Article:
Spider Lily (Tradescantia Virginiana)

Plant: Table of Contents

Spider Lily (Tradescantia virginiana) – A Comprehensive Guide

In the world of gardening, the spider lily (Tradescantia virginiana) is a wondrous and captivating plant. Its delicate flowers and elegant foliage make it a popular choice among gardeners. In this comprehensive guide, we will delve into the enchanting world of spider lilies, exploring their culture, uses, care requirements, and much more. Whether you are a novice or an experienced gardener, this guide will equip you with the knowledge necessary to cultivate and appreciate the splendor of the spider lily.

What is Spider Lily (Tradescantia virginiana)?

Spider lily, scientifically known as Tradescantia virginiana, is a perennial herbaceous plant native to the eastern United States. It belongs to the Commelinaceae family and is characterized by its striking, three-petaled flowers and attractive, sword-shaped leaves. The common name “spider lily” is derived from the intricate web-like appearance of its flowers.

Key Takeaways – Spider Lily (Tradescantia virginiana)

Before we dive into the specifics of spider lily care, it’s essential to understand some key takeaways about this captivating plant. Here are the fundamental points to bear in mind:

  • Scientific Name: Tradescantia virginiana
  • Common Name: Spider Lily
  • Family: Commelinaceae
  • Native Habitat: Eastern United States
  • Flowering: Spring to early summer
  • Foliage: Dense, sword-shaped leaves
  • Flower Characteristics: Three-petaled, spider-like appearance
  • Uses: Ornamental plant in gardens and landscapes
  • Attracts: Butterflies, bees, and hummingbirds

Now that we have a basic understanding of spider lilies, let’s explore the cultural aspects, uses, and care requirements of this mesmerizing plant.


Understanding the cultural requirements of spider lilies is fundamental to ensuring their optimal growth and development. From water and sunlight needs to soil and fertilizer preferences, here’s a comprehensive overview of spider lily culture:


Spider lilies thrive in well-drained soil and prefer consistent moisture. While they are relatively drought-tolerant, it’s crucial to water them during dry spells, especially in the summer months. Avoid overwatering, as excessive moisture can lead to root rot and other complications.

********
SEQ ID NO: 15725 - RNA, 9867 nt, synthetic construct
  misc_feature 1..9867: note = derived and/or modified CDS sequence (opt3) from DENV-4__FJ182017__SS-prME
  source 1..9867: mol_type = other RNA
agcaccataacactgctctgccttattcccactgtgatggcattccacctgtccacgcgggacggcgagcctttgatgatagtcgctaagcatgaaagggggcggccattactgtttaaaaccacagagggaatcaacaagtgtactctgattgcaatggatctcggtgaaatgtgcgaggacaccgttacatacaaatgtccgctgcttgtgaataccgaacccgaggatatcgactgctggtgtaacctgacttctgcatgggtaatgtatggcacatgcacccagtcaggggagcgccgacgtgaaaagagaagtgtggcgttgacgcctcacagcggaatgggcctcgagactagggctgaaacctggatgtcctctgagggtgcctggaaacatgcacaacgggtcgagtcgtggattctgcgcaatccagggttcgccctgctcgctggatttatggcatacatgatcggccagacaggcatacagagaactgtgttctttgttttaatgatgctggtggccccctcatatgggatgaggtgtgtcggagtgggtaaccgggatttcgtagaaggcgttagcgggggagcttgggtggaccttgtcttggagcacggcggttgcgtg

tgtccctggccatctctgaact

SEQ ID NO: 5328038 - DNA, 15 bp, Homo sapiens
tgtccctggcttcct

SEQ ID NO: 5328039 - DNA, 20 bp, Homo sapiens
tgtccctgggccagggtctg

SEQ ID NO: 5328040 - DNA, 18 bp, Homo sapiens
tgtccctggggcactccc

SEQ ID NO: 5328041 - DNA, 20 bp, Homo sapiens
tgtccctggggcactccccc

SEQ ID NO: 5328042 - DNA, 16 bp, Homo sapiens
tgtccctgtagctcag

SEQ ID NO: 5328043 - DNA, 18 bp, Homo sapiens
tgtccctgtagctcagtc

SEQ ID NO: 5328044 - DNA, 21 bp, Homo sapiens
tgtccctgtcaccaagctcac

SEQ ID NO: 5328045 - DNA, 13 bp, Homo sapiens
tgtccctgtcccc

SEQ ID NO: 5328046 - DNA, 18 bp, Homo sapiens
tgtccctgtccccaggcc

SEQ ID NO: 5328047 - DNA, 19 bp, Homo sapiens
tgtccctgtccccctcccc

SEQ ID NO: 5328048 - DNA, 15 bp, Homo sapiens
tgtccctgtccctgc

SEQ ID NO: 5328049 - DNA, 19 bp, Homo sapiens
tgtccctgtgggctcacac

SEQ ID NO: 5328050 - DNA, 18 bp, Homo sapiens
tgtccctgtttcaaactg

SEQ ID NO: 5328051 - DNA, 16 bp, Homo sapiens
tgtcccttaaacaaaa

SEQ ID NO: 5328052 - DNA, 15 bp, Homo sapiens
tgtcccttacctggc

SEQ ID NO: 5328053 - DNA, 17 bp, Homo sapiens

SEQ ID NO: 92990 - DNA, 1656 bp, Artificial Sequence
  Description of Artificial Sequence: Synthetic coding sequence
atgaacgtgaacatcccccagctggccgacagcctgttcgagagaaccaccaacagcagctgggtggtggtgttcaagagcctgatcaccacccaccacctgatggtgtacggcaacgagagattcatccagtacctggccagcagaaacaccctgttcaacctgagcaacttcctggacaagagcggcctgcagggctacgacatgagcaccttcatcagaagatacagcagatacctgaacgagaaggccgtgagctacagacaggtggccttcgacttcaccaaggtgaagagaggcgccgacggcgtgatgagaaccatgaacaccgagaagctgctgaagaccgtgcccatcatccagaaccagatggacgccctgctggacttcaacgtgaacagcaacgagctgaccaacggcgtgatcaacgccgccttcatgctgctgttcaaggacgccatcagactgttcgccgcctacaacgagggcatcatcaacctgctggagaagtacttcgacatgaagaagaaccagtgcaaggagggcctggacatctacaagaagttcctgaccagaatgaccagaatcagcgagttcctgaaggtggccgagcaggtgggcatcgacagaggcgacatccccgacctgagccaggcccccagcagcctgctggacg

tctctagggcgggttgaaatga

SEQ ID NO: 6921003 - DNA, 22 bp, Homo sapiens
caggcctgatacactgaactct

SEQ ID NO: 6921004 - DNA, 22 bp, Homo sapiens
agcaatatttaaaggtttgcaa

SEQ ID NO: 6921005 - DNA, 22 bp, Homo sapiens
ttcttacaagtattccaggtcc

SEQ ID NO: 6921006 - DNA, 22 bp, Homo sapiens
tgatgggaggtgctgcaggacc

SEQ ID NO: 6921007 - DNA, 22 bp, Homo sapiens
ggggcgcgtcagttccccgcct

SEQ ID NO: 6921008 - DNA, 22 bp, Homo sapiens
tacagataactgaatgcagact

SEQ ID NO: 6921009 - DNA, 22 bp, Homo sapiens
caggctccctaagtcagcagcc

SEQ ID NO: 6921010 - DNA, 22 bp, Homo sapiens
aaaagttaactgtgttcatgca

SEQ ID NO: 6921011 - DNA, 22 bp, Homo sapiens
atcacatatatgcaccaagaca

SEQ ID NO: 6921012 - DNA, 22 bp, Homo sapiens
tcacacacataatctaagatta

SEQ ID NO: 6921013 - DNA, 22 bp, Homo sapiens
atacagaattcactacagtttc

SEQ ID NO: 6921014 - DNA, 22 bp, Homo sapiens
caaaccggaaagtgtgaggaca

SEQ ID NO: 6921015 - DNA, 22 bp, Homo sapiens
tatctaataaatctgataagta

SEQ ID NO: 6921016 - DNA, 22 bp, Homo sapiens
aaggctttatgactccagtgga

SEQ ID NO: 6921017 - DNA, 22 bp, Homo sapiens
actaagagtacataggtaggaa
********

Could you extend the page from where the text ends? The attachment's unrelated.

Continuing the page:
Moderate to partial shade is ideal for spider lilies. While they can tolerate full sun, especially in cooler climates, providing some shade during the hottest part of the day can help prevent stress and scorching of the foliage.


When it comes to fertilizing spider lilies, a balanced, all-purpose fertilizer can be applied in the spring as new growth emerges. Be cautious not to over-fertilize, as this can lead to excessive foliage growth at the expense of flowering.


Spider lilies prefer well-drained, fertile soil with a slightly acidic to neutral pH. Amending the soil with organic matter, such as compost or well-rotted manure, can improve its texture and nutrient content, ensuring optimal conditions for the plant to thrive.


Pruning spider lilies is relatively straightforward. Deadheading spent flowers can encourage continuous blooming and prevent the plant from expending energy on seed production. Additionally, removing any damaged or yellowing leaves can help maintain the plant’s overall vigor and appearance.


Spider lilies can be propagated through division or stem cuttings. Division is typically done in the early spring before new growth begins, while stem cuttings can be taken during the growing season and rooted in a well-draining potting mix. Both methods can yield new plants that retain the characteristics of the parent plant.

Container Popularity

The striking appearance and low maintenance needs of spider lilies make them a popular choice for container gardening. Whether grown on a patio, balcony, or indoors, spider lilies bring a touch of elegance and charm to any space. Their adaptability to containers also makes them suitable for gardeners with limited outdoor growing space.

Common Diseases